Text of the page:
I looked at many artist books for inspiration and found love in forest themed books as they reminded me of the Narnia woodlands. When choosing a material, I was inspired by the snowy scenes and thought that white paper would portray the vibe of a wintery narrative to the reader, delicate and fragile like the snow. I always have a huge attention to detail and my favourite thing about researching other books was the intricate detailing and the precision of the folds and cuts in the pages, something that I reallywanted to recreate with my own storybook.
After viewing numerous book formats the idea of a three dimensional tunnel book stuck out to me. I meticulously used a scalpel to cut shapes using numerous paper types; from thin card and paper to tracing paper, all with the concept of creating depth as a silhouetted forest.
To create the tunnel section I then used card to create a thin box and made a tightly folded concertina to glue each layered forest scene to. By painting the back layer black I was able to add contrast to the scene. My next challenge was to make the pages considering I didn’t have paper long enough..
I created concertina pages and glued each section together, seven each side to create the total of fourteen, with two pages for the front covers. In my mind I wanted the format of my book to be as unique as possible so combined the opening book, concertina and tunnel themes together into one. The image below is of this stage before any progress had been made with the scenes.
I began to draw small thumbnail images in my sketchbook to plan out my pages and find simple iconography to represent key elements of the narrative. After much thought process, I settled on images that I would be able to cut out in detail to depict my chosen story. They included:
- The Pevensie children waving goodbye as evacuees
- The wardrobe
- Narnia lamppost
- Lucy and Mr Tumnus talking with a thought bubble to the castle
- Lucy trying to convince her siblings to believe her stories of the magical world
- The white witch with a box of turkish delight
- Mr Tumnus held captive by the forest
- Large Narnia scene
- The witches castle
- Aslan meeting the children
- Aslan’s sacrifice on the stone table
- The war between the Narnians and the witches army
- Aslans resurrection
- The death of the witch and spring coming into bloom
- Four thrones in the castle
I then began the heart wrenching task of beginning to cut out the A5 scenes with a scalpel, all I will say is that my fingers did not work properly for the next week and I never want to see a scalpel again for as long as I live.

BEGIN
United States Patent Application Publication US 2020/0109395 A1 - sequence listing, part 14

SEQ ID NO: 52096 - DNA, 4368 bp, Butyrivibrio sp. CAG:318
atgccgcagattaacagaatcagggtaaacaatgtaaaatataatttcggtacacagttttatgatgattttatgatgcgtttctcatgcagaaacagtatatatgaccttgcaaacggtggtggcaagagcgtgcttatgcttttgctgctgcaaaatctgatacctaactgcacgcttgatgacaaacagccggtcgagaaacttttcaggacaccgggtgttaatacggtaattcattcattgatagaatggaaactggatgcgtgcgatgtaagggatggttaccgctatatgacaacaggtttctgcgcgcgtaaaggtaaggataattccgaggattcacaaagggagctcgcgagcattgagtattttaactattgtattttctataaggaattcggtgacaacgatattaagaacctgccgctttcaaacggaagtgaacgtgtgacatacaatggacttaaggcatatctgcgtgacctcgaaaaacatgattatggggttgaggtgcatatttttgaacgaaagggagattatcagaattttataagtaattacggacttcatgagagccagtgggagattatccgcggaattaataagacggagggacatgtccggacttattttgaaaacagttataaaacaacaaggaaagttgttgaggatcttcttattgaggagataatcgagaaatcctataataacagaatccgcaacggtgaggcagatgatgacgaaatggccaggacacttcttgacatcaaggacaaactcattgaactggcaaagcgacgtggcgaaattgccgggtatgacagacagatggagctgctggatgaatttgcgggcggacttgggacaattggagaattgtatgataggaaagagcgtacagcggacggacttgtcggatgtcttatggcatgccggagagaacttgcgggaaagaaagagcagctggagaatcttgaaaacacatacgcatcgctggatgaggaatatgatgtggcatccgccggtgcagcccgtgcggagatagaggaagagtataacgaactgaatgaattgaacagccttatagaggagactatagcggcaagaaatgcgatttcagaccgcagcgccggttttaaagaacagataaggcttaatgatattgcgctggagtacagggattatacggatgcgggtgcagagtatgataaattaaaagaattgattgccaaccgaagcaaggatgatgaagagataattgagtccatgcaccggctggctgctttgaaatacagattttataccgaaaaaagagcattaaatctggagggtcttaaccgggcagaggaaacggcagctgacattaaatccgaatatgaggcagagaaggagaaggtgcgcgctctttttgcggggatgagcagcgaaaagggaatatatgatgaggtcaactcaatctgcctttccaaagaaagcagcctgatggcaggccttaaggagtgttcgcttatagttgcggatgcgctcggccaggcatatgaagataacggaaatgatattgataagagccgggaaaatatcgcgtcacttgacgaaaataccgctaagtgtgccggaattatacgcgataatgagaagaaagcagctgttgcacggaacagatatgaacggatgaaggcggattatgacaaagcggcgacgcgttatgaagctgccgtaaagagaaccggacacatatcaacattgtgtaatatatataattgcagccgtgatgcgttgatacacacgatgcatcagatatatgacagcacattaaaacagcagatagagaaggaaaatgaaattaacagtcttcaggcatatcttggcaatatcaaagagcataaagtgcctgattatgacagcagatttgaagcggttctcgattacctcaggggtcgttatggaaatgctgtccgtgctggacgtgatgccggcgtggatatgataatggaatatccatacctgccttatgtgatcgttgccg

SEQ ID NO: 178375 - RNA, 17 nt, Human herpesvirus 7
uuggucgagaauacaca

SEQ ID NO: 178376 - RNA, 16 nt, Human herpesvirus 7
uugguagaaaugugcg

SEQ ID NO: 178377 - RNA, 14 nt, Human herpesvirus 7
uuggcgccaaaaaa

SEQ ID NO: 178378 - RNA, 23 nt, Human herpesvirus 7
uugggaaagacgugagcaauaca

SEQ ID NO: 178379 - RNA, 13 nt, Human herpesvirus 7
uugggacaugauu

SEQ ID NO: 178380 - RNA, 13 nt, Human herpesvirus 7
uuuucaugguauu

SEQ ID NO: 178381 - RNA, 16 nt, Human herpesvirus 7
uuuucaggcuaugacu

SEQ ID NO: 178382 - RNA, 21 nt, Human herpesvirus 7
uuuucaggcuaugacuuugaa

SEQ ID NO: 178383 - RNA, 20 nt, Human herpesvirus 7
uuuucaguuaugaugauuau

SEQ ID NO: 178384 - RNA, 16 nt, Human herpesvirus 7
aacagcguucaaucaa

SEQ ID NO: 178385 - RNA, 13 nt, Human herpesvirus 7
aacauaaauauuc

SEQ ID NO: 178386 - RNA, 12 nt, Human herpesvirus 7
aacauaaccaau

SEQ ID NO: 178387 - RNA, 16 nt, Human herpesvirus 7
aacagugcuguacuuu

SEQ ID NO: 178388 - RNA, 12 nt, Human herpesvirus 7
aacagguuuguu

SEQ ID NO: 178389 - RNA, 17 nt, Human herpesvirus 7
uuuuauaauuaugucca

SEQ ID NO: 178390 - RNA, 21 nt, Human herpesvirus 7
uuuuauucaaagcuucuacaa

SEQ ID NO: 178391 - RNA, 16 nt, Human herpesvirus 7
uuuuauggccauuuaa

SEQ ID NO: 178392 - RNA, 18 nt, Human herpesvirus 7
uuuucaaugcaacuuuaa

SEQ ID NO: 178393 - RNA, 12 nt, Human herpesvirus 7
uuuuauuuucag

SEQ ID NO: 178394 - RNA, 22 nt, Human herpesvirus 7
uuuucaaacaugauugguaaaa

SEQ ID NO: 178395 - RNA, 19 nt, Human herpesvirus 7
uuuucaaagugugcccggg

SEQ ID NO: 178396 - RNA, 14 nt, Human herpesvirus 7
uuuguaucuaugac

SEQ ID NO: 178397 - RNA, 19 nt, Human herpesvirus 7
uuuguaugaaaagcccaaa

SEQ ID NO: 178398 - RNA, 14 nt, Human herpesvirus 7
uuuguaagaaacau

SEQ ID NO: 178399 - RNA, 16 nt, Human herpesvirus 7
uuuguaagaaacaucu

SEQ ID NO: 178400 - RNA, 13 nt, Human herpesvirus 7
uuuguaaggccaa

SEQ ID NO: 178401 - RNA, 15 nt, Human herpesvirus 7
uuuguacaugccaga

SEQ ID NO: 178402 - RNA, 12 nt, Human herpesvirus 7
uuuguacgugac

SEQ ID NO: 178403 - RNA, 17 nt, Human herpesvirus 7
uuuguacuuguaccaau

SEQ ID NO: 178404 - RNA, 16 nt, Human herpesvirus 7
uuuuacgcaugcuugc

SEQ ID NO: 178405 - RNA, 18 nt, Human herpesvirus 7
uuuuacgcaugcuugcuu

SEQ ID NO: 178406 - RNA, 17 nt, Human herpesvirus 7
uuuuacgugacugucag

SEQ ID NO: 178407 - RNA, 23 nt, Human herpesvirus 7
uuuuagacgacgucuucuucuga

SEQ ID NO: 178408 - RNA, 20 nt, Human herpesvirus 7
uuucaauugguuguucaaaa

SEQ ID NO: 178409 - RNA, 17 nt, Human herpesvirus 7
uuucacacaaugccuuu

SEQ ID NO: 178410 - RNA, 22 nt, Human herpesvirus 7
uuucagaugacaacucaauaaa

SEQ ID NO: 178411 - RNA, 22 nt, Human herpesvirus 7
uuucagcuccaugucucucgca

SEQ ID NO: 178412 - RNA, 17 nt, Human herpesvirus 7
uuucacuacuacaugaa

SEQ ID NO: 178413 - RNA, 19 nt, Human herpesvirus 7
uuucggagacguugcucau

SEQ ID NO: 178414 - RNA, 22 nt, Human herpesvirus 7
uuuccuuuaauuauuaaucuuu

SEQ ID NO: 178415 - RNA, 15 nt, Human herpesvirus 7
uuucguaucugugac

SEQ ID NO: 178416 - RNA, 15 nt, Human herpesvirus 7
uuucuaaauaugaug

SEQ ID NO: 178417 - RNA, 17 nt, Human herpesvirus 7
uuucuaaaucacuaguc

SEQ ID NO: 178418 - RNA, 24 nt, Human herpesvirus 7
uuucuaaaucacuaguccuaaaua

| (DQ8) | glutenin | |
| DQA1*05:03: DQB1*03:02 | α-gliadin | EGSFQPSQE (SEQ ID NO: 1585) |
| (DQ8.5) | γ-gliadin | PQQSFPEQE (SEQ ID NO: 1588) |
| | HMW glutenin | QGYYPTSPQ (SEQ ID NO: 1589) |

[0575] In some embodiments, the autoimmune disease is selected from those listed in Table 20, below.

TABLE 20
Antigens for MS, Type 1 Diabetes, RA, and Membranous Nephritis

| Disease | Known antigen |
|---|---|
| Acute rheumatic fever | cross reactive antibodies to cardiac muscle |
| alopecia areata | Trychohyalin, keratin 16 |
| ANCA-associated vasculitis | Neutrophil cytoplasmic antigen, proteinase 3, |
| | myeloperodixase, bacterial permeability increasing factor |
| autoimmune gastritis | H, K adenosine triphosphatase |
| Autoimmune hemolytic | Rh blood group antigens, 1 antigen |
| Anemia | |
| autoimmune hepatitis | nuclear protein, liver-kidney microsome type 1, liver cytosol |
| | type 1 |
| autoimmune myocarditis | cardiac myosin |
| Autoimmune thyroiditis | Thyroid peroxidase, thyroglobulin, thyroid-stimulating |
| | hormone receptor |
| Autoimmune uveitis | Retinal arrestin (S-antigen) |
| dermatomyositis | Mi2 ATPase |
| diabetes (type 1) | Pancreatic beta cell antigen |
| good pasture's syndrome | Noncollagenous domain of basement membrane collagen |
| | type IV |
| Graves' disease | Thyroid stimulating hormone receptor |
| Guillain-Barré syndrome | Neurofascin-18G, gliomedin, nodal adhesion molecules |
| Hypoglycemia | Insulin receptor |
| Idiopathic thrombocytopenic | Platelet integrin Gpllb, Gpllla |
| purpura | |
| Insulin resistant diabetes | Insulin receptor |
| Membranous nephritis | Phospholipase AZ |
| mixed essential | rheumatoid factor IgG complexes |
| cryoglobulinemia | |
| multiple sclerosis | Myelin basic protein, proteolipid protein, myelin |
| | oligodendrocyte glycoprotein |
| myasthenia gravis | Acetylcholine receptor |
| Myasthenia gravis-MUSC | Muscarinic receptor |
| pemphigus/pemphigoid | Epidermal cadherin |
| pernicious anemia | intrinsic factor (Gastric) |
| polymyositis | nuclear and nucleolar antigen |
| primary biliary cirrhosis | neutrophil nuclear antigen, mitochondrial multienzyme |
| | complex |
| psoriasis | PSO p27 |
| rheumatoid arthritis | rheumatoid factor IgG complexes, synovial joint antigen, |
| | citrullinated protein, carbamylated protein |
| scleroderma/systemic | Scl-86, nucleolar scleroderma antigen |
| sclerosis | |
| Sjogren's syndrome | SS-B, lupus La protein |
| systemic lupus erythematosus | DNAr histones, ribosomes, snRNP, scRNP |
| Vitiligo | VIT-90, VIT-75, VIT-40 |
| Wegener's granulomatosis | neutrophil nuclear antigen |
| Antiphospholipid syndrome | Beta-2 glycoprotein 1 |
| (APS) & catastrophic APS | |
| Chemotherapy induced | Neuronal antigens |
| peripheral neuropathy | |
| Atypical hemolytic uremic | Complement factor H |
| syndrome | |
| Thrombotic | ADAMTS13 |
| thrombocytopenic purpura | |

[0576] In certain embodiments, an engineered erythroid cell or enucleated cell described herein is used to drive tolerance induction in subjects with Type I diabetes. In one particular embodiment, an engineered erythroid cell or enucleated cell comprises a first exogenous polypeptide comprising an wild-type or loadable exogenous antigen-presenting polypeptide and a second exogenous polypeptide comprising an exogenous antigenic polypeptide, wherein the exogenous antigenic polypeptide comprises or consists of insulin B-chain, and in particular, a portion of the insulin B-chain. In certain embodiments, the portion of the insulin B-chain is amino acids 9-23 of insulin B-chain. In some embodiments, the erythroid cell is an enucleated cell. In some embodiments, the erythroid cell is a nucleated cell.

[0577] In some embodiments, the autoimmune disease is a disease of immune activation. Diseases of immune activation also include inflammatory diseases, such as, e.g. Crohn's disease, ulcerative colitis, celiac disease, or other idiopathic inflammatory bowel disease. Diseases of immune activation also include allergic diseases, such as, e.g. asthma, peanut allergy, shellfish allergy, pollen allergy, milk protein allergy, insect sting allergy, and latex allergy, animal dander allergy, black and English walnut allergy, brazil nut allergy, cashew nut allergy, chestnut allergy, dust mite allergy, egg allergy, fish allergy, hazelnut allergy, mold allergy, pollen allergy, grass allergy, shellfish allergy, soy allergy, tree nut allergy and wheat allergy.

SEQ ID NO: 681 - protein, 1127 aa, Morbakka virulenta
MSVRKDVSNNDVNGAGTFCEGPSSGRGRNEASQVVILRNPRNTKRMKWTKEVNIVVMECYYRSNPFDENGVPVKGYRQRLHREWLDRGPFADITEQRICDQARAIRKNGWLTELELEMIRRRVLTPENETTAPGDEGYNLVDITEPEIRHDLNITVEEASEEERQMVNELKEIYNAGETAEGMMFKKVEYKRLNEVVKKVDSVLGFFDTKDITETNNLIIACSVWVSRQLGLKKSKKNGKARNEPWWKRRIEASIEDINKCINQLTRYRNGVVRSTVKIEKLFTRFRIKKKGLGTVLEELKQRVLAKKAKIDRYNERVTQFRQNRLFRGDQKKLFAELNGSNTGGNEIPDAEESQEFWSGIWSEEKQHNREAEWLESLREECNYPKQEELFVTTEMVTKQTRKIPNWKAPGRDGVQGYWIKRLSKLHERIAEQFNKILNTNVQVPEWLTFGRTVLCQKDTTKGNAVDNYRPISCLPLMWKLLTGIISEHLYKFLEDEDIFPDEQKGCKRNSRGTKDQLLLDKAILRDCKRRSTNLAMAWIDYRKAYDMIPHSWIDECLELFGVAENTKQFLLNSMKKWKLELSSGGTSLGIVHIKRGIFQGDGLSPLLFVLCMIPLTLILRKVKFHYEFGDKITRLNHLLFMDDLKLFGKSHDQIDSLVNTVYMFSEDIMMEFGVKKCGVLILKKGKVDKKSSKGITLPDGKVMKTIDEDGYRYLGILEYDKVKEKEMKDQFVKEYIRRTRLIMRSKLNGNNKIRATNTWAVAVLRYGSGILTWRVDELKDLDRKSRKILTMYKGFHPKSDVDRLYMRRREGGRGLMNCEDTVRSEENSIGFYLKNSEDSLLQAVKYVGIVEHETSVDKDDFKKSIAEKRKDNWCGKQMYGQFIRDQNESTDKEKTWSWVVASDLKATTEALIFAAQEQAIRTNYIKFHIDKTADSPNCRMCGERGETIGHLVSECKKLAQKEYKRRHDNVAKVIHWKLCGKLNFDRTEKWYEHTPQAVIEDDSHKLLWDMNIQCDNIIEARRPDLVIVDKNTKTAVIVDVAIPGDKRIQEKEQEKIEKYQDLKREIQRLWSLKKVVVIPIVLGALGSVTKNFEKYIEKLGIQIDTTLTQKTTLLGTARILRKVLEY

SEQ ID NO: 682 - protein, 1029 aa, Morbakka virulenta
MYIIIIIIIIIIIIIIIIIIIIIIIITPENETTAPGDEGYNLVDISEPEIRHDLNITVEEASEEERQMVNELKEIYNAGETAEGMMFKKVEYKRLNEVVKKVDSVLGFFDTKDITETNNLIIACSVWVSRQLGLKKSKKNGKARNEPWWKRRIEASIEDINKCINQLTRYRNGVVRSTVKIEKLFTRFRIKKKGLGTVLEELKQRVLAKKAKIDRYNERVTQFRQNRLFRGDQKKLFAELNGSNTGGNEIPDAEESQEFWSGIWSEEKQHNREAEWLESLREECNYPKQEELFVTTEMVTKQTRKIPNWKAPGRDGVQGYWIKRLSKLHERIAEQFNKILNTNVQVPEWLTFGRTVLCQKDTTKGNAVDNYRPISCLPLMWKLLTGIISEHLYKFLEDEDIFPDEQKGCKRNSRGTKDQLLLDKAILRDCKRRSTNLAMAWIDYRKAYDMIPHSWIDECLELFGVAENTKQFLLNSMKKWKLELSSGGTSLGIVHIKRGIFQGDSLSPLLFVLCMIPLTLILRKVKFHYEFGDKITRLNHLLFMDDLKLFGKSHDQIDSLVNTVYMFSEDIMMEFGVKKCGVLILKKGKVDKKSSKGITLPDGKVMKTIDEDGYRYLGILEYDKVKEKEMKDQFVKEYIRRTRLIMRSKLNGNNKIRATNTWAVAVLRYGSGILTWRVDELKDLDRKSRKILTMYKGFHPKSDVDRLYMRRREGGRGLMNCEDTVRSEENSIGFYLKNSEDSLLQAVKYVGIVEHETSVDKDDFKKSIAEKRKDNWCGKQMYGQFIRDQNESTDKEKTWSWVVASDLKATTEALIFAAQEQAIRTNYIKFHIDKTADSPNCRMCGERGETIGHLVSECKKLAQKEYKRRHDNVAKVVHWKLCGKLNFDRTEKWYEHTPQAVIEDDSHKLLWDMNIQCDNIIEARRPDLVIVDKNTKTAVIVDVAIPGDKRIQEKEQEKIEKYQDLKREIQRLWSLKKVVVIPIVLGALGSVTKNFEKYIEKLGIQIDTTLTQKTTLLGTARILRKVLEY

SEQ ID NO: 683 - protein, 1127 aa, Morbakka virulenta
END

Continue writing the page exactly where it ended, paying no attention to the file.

None the less, it was so worth it. Because I tried to include as much detail as I could, I was so overjoyed with my final outcome and really felt a sense of achievement with my story book. Initially I had planned to leave enough white space on each page to allow me to handwrite simple sentences to narrate the story, however after finishing the detailed cutting I didn’t want to risk ruining the outcome by overcrowding the pages with words. The paper makes the pages so delicate and fragile and I decided that words could be a harsh contrast to the visual appeal.
For the front cover of the book I created a wooden effect for the wardrobe doors to fit the concept of the story.
My final book eventually scaled to roughly two metres in length, the scale is not very obvious in the image but it really did create a huge impact in the studio when presented to the course. I had really positive feedback from the group and it made me happy knowing that people found enjoyment from looking at my work. One of the comments I received was that I had created the depth of a hidden world of my own, each aspect of my pages portrayed an element of the story and by revealing the book from beneath the wardrobe doors, felt as though I had created a story of my own.
The finished piece!..
The tutor’s comments were mixed compared to my course mates. I felt as though I hadn’t really done enough to gain their approval but I was still really overjoyed with my outcome. The main criticism was that of the material used, I had chosen paper to recreate the vulnerability of Narnia and to mimic the delicate snow on the ground but they suggested I used card instead. If I were to improve on my outcome I would try to use more hardy materials.
I thought it showed an original way of showing the narrative rather than telling it and I thought that the format of my book was really unique by combing many artist book features into one.